Before you get into a stressful situation (or even for a class), encourage yourself to set your own intrinsically motivated goals, write them down, and then be the decision maker of your own success.

One of my favorite quotes from my coach: you never fail you win or you learn, is one to remember. 

  1. Do the 5-4-3-2-1 exercise

This five-step exercise is a well-known one and can be very helpful in the event of anxiety or panic. It can help you to relax, to stop worrying. You draw your attention to the sensory aspects of your environment in order to remove the fear.

This is what you can do::

5) Use your eyes and look at 5 things. Look around you: is there something in the room that you never noticed? A painting on the wall, a crack, a moving branch through the window. The 5 things you look at don't necessarily have to be objects. It can also be colors, patterns, shadows or an expression on someone's face. 

4) Now use your ears to listen to 4 things. Can you hear a fan running? Footsteps in the distance? Music? The sound of your breathing… 

3) Time to feel, 3 things you feel with your body. This can be anything from the temperature of the room, the texture of your clothes, to the shapes of a vase. 

2) Now notice 2 things you smell with your nose. Try to smell the subtle scents around you. You may smell someone's hot cup of coffee in another room. You may smell different scents mixed together while taking a walk.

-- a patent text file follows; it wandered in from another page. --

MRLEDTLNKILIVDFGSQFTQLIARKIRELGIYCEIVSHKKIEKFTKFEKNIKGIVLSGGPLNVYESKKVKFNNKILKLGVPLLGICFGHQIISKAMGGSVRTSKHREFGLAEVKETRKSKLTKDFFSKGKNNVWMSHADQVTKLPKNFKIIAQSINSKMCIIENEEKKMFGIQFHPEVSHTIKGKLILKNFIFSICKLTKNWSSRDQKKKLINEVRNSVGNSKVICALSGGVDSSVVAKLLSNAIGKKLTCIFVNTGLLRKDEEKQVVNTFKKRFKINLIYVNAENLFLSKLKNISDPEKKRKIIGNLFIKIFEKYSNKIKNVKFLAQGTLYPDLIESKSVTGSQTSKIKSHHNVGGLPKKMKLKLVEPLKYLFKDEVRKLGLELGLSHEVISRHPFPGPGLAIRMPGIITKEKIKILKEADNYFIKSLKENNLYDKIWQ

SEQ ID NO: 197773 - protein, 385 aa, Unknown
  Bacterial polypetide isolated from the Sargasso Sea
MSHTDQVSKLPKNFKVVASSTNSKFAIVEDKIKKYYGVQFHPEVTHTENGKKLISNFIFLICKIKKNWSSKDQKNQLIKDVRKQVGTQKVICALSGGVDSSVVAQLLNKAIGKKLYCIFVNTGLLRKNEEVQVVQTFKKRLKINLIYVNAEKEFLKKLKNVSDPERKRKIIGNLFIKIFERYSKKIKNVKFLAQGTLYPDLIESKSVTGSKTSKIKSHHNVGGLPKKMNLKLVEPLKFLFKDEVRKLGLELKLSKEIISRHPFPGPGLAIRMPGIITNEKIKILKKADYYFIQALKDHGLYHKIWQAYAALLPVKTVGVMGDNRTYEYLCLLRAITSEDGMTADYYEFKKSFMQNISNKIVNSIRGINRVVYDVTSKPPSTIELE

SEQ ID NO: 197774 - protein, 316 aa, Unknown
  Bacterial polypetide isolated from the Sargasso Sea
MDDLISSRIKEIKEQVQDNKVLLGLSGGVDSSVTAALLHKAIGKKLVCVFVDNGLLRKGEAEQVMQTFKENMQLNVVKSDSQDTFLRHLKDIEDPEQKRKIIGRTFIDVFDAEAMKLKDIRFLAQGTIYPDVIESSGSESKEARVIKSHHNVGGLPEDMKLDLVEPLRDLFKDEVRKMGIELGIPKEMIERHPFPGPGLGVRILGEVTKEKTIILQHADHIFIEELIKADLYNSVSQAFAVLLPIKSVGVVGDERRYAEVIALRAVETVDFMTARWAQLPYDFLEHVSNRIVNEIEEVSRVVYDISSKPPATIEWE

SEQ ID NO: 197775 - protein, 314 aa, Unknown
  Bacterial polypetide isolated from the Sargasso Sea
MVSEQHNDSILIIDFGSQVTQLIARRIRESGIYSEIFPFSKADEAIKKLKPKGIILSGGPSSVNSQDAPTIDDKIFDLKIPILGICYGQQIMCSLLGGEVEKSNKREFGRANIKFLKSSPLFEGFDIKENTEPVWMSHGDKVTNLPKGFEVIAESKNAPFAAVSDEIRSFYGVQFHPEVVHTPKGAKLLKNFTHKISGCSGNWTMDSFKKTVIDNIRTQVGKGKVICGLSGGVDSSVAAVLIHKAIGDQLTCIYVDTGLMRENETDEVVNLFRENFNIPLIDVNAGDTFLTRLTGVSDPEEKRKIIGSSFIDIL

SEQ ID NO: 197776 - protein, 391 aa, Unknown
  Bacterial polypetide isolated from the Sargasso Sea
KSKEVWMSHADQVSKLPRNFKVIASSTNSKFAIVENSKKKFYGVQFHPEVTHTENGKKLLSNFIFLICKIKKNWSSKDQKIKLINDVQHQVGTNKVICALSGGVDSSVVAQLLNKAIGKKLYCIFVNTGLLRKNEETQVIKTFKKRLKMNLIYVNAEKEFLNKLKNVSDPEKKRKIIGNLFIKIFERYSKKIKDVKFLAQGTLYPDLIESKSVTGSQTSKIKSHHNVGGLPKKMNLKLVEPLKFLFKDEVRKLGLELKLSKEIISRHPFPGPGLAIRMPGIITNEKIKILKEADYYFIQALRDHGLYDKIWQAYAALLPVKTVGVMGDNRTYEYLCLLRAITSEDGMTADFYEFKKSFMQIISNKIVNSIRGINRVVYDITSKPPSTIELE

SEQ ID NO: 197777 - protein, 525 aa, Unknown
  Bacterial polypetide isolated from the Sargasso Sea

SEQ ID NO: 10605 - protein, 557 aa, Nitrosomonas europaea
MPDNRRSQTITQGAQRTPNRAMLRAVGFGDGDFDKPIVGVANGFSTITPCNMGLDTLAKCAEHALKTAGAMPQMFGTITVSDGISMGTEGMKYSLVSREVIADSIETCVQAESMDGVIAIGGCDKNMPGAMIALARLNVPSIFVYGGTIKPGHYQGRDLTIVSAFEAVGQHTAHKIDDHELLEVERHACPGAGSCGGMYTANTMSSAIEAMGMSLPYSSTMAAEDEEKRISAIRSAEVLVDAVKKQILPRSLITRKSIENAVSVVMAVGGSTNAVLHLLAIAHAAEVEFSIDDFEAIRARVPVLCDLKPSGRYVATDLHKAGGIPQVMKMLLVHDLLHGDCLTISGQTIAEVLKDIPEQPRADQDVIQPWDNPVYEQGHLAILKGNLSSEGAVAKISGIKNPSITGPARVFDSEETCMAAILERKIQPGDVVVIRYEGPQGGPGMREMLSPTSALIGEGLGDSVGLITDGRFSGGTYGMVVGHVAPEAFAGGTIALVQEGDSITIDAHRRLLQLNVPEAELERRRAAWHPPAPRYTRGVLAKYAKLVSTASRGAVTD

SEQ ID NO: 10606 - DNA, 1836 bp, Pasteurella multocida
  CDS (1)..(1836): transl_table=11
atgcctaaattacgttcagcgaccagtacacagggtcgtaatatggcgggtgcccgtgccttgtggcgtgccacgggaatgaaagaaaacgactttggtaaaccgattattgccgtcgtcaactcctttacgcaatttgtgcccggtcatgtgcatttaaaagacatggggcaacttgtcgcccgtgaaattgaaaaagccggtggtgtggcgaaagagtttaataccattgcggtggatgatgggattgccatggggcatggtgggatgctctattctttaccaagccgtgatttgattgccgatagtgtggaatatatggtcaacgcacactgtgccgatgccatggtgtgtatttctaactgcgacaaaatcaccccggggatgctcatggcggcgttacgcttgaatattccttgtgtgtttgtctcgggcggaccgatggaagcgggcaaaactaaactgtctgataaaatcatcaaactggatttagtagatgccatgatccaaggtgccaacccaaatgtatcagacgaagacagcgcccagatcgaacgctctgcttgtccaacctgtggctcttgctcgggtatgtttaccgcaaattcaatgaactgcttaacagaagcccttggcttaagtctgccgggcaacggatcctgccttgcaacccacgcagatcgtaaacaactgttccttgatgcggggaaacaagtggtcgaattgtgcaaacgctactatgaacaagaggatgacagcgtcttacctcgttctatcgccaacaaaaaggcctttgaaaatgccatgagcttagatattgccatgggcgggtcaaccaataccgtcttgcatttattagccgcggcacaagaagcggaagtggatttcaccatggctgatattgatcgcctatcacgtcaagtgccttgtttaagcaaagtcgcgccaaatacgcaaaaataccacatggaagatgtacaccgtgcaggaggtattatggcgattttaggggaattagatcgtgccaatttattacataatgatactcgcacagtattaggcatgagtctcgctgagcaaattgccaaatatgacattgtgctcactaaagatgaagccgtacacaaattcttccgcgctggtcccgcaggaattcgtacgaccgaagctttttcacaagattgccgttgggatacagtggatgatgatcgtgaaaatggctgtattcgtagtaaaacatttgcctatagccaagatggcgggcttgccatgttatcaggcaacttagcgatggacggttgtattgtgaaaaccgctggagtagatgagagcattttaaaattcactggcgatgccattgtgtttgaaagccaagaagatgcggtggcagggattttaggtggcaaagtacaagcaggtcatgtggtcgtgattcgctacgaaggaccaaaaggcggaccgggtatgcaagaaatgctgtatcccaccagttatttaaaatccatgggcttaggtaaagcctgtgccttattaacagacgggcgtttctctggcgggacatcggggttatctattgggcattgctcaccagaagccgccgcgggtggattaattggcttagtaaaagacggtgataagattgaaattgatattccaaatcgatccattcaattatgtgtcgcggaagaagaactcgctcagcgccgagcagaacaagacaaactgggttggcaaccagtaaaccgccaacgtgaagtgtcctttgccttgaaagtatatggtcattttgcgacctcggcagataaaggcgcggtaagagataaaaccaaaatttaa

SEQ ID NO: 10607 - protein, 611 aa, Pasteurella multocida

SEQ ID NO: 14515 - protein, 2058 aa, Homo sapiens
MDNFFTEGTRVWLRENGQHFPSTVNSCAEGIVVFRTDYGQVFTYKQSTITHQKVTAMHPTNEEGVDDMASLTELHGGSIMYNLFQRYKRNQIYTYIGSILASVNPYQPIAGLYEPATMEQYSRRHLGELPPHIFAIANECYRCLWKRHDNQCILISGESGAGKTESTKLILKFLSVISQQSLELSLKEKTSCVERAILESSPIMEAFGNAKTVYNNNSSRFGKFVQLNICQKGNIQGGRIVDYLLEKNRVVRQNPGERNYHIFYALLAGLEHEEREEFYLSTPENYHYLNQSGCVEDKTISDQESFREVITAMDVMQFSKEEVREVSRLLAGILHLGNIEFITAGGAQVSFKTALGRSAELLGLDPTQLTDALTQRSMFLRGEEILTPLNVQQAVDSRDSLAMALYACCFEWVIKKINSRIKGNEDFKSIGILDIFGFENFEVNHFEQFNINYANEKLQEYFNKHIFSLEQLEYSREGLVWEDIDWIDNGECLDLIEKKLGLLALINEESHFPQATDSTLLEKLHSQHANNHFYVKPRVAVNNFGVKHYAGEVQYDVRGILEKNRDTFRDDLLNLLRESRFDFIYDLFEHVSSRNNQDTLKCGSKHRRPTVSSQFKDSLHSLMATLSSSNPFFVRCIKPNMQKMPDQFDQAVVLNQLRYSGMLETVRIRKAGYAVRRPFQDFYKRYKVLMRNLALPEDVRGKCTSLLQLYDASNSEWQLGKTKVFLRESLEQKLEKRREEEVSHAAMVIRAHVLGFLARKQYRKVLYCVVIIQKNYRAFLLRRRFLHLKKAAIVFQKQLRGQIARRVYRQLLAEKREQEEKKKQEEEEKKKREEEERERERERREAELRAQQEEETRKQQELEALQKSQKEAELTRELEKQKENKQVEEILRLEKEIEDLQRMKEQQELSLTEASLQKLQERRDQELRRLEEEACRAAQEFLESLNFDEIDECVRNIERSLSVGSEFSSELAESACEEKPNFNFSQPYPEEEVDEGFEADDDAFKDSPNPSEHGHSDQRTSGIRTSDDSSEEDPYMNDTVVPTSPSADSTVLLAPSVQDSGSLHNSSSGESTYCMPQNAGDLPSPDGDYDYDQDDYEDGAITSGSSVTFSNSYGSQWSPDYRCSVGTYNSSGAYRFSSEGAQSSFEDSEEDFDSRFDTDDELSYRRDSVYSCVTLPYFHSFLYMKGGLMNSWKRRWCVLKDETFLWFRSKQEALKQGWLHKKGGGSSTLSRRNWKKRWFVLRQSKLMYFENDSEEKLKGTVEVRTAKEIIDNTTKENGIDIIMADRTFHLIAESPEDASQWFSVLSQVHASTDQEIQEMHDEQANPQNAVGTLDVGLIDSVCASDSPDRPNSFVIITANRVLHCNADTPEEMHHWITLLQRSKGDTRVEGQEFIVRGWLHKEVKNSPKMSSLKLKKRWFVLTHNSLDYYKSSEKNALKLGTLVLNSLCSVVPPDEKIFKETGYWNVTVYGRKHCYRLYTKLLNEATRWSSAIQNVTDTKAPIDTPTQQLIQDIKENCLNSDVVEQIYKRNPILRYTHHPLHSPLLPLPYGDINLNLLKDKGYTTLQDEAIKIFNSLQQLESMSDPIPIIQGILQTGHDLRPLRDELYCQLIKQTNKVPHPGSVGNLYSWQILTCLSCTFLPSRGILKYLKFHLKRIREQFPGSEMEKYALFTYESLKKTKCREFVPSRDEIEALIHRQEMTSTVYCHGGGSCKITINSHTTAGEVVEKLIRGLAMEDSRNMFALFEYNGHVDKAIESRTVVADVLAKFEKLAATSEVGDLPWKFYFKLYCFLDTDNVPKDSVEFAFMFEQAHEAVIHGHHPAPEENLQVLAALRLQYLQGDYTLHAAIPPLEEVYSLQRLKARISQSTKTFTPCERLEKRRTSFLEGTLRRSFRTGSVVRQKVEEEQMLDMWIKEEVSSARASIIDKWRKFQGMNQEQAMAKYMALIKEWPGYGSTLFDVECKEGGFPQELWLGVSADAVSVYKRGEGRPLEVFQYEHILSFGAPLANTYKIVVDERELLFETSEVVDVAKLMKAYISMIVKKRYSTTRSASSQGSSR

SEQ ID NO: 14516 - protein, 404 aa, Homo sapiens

1) The last one: taste 1 thing you taste with your tongue. Explore the taste while enjoying a meal, chewing gum or drinking a glass of water. If you don't eat or drink anything, you may not have anything to taste. Then replace tasting with one of the previously mentioned senses.

4 . Go outside

Studies have shown that spending even a short time outdoors in nature can lower levels of cortisol (your body's main stress hormone) and lower your heart rate.* In short, nature can help you relax. Even a few minutes outside can help relax your body and mind.

5 . Diary

I know from my own experience that writing down your emotions can help you reduce mental stress and improve your well-being. Writing about positive feelings, such as the things you are grateful for or proud of, can help ease symptoms of anxiety. It can also help you control your emotions. You can process information better and that in turn helps to reduce stress. Through short periods of self-reflection you get to know yourself much better. You don't have to write a whole book every day. Briefly write down how you feel after a class; what did you like, what was less nice, what thoughts went through your head at what time. What would you like to change for a more positive experience? It only needs to take a few minutes a day, but a self-reflection journal can help you organize your thoughts and reduce some of the stress of the day.


The above points are easy to implement. It's often about persevering and holding yourself accountable for the action steps you've come up with yourself. Of course you can do this yourself, but with a coach you will reach your goals much faster. A coach ensures that you can get the best out of yourself. My vision of you is many times greater than your own vision of yourself. Do you also want to look back on a great career later on? Schedule a conversation with me and we can see how you can be the best version of yourself.

Inspired by:



During the 30-minute inspiration session with Saskia, we dive into your personal and professional goals.

This session is an opportunity to clearly define your goals and see how you can achieve them in a way that fits your lifestyle needs.

What are we going to tackle:

  • Biggest ambitious, realistic goals
  • Action steps and means to achieve your goals
  • Lifestyle tips to optimize your time,
  • Increase accountability and improve overall performance
  • What working with Saskia would look like

I look forward to seeing you.